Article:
When the snow starts falling and the promise of fresh powder fills the land, you may want to grab your favorite four-legged adventure pal and head outside.
By all means, you should.
But before diving paws first into cold weather activities, make sure you’re well-equipped and knowledgeable on the ways that winter weather can affect your dog.
Gear up before you head out
Chances are your gear load increases during the winter. The same should be true for your pup. While dogs may not need extra baselayers and an 800 fill down jacket, they can benefit greatly from a little extra cold-weather gear. As with your own packing list, your pup’s gear needs will differ depending on whether you’re simply going for a romp in snow-covered woods or heading out into the backcountry for some winter camping.
Canine Kit: The Everyday Explorer
- Waterproof collar and leash: If you own a dog, you’re probably all too familiar with the smell of a wet collar and leash. Banish the stench for good by switching over to a leash/collar made with coated webbing, such as Ruffwear’s Headwater Collar and Leash.
- Quick drying towel: When you’re playing around in the snow and ice, a quick drying towel comes in handy for everything from wiping down paws to giving your pup a place to sit during breaks.
- Collapsible, packable dog bowl and extra food and water: It’s always good to pack some snacks when you’re heading out for an adventure. During the winter, keep a thermos of warm water on hand when possible to stave off early stages of hypothermia.
Canine Kit: The Overnight Adventurer
- Insulated dog jacket: Whether a canine winter coat belongs in the “everyday” or “overnight” gear category depends largely on your dog’s natural insulation (or lack thereof). Short-haired pups will benefit from a wearing a jacket every time they go outside whereas burlier breeds might only need added coverage during overnights or when the sun goes down. Either way, having added protection against the cold available for your dog is always a good idea.
- Dog Pack: Keep your dog’s outdoor essentials on hand and your own pack weight down by fitting your dog with the Ruffwear Palisades or Approach packs.
- Portable Bed and Blanket: Let’s put it this way, do you want your 70 pound pooch in your sleeping bag with you? We didn’t think so.
Watch out for Hypothermia
Just because your pup has a furry coat doesn’t mean it can’t get cold. Keep an eye out for signs of hypothermia, including the following:
- Low pulse
- Dilated pupils
- A stupor-like state
- Shallow, slow breathing
If your dog displays these signs, move them to a sheltered spot, wrap them in blankets, and give them warm water until you can seek veterinary assistance.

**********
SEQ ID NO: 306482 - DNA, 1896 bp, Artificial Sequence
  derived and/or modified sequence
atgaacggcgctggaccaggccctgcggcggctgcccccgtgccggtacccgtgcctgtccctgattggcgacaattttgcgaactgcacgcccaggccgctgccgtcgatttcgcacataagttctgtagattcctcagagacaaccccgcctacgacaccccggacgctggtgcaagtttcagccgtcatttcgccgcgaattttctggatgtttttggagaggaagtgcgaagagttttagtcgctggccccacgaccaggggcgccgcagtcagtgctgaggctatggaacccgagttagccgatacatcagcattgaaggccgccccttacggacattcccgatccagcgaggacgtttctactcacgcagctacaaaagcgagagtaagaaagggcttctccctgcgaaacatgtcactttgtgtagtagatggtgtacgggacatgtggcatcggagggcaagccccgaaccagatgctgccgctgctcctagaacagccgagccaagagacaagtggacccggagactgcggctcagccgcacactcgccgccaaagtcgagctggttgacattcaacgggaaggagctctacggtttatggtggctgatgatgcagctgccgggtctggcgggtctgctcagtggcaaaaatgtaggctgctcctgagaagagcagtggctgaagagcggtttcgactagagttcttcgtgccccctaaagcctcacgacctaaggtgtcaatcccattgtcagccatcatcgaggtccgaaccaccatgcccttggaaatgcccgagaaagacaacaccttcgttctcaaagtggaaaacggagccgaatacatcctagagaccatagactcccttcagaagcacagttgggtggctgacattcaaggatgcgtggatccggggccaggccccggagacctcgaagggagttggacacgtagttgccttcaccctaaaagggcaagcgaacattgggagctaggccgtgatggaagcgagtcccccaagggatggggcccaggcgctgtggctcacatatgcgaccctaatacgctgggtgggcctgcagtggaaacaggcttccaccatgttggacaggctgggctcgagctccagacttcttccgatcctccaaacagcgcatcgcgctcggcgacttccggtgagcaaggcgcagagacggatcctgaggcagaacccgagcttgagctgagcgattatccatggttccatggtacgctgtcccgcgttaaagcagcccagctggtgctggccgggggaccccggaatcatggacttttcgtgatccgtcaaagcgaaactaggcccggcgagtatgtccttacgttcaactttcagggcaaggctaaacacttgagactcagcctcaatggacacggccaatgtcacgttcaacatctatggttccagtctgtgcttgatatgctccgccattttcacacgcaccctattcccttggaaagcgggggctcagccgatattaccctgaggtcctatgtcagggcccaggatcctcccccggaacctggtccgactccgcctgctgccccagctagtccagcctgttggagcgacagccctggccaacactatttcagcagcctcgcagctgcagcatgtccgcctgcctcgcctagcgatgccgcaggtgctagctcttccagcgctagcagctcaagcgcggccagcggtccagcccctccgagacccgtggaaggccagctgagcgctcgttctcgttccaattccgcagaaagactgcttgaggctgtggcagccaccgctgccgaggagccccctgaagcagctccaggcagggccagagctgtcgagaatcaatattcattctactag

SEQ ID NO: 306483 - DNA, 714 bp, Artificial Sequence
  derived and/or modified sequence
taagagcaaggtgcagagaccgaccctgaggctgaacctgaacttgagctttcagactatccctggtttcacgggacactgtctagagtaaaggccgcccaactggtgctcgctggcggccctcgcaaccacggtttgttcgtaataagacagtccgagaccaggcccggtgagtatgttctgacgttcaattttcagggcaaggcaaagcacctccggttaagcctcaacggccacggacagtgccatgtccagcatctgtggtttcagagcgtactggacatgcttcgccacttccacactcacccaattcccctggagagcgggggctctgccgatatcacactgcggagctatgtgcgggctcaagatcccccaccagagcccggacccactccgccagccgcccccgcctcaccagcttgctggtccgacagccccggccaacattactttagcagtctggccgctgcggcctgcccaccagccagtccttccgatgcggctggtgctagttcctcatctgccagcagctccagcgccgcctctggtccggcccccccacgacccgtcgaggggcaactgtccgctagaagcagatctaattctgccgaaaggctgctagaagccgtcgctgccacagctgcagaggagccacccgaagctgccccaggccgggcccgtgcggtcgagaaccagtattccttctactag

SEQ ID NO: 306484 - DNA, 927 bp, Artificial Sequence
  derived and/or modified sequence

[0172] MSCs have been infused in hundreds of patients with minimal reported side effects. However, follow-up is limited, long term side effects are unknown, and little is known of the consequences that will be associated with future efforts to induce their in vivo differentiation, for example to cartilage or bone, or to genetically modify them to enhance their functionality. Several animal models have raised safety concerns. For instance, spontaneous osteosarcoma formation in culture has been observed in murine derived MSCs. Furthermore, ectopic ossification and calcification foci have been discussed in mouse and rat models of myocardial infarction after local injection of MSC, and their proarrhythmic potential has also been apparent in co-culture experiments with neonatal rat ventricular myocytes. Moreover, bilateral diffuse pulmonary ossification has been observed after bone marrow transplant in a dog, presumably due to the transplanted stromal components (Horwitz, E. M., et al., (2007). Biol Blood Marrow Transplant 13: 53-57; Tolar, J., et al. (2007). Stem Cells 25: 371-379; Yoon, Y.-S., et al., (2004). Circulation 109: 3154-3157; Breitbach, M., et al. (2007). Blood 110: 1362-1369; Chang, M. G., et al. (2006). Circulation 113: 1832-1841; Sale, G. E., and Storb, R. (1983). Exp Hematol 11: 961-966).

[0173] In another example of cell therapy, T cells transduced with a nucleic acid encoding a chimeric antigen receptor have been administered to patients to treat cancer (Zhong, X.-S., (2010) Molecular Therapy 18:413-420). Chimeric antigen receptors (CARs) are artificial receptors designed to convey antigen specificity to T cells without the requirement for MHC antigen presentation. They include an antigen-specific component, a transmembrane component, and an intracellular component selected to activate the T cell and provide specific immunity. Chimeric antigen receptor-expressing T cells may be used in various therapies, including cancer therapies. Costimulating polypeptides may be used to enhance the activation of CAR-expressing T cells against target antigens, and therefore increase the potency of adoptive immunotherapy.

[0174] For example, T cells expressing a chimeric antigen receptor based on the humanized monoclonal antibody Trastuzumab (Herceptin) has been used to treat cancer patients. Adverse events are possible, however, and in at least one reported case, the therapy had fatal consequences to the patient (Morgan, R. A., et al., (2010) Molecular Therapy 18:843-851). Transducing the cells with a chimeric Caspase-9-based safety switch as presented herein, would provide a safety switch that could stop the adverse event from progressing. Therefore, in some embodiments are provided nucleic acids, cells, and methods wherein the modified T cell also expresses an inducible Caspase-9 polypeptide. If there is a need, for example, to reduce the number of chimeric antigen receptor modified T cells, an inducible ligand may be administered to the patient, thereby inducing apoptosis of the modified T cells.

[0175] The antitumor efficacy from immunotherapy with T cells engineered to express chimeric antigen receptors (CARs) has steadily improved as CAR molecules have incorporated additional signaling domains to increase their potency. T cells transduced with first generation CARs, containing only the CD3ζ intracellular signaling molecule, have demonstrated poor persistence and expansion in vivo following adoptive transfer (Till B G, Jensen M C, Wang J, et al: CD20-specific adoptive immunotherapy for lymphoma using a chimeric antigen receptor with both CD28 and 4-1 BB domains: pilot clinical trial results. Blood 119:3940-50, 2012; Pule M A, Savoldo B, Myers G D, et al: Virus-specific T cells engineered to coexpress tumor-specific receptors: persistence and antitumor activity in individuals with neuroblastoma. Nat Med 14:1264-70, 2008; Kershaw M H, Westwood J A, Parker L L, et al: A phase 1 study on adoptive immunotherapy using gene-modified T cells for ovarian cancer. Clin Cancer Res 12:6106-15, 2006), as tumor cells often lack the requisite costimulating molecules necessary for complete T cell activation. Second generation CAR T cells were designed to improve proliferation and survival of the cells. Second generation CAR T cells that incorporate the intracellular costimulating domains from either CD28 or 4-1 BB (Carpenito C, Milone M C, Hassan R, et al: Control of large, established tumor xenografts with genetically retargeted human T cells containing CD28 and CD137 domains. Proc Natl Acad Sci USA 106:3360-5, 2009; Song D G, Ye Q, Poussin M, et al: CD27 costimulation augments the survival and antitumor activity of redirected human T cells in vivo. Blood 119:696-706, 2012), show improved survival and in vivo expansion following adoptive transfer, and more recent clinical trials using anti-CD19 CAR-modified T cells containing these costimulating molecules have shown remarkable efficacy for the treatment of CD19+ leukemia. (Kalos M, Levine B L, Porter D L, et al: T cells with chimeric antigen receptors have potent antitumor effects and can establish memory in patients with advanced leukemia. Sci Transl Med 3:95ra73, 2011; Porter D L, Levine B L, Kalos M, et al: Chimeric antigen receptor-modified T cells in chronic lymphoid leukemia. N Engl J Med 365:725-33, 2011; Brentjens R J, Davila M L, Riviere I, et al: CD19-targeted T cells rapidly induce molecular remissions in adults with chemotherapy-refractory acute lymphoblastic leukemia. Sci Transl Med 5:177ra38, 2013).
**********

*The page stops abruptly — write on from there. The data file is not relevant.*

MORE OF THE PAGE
Check for Ice Accumulation
There are few things more enjoyable for a dog owner than watching your furry friend joyfully leap through piles of fresh, fluffy white snow. But all that snow-filled ecstasy can quickly turn painful when ice accumulation comes into play. If you’ve ever been out with your dog in the winter and noticed them suddenly limping, there’s a good chance ice may have formed between their paws. If your outing is more of the neighborhood stroll sort, another culprit could be the salt used to melt ice on driveways, roads, and sidewalks.
To combat both of these problems, give dog boots a try.
If your pup starts shaking its paws, taking high steps, and flailing about (aka. “the dog boot dance”), don’t be concerned. Give your dog some time to get used to the boots. Remember the first time you put on a pair of ski boots and tried to walk around? Well, now imagine if you’d never even worn a shoe before…
To help your dog adjust, quickly engage them in an enjoyable activity with the boots on. Toss their favorite ball, take them out on their favorite trail, let them play with their prized toy. Go for a few short walks before you venture out for a day-long hike and make sure you’ve got the boots properly fitted.
If for some reason your dog just isn’t taking to boots, give Mushers Wax a go. This is a dense wax that will form a breathable bond with your dog’s paws and provide protection from snow and ice.
Take a few test runs
Perhaps quite literally. Go for a run with your dog on a blustery day, take a short walk through the snow around your house. Anything to test out how they react to snow, ice, wind, and cold temperatures.
It’s easy to assume that just because dogs are animals that they’re naturally comfortable in a variety of outdoor environments. But just like humans, some dogs need a little convincing at first before they discover the joys of playing outside in winter weather.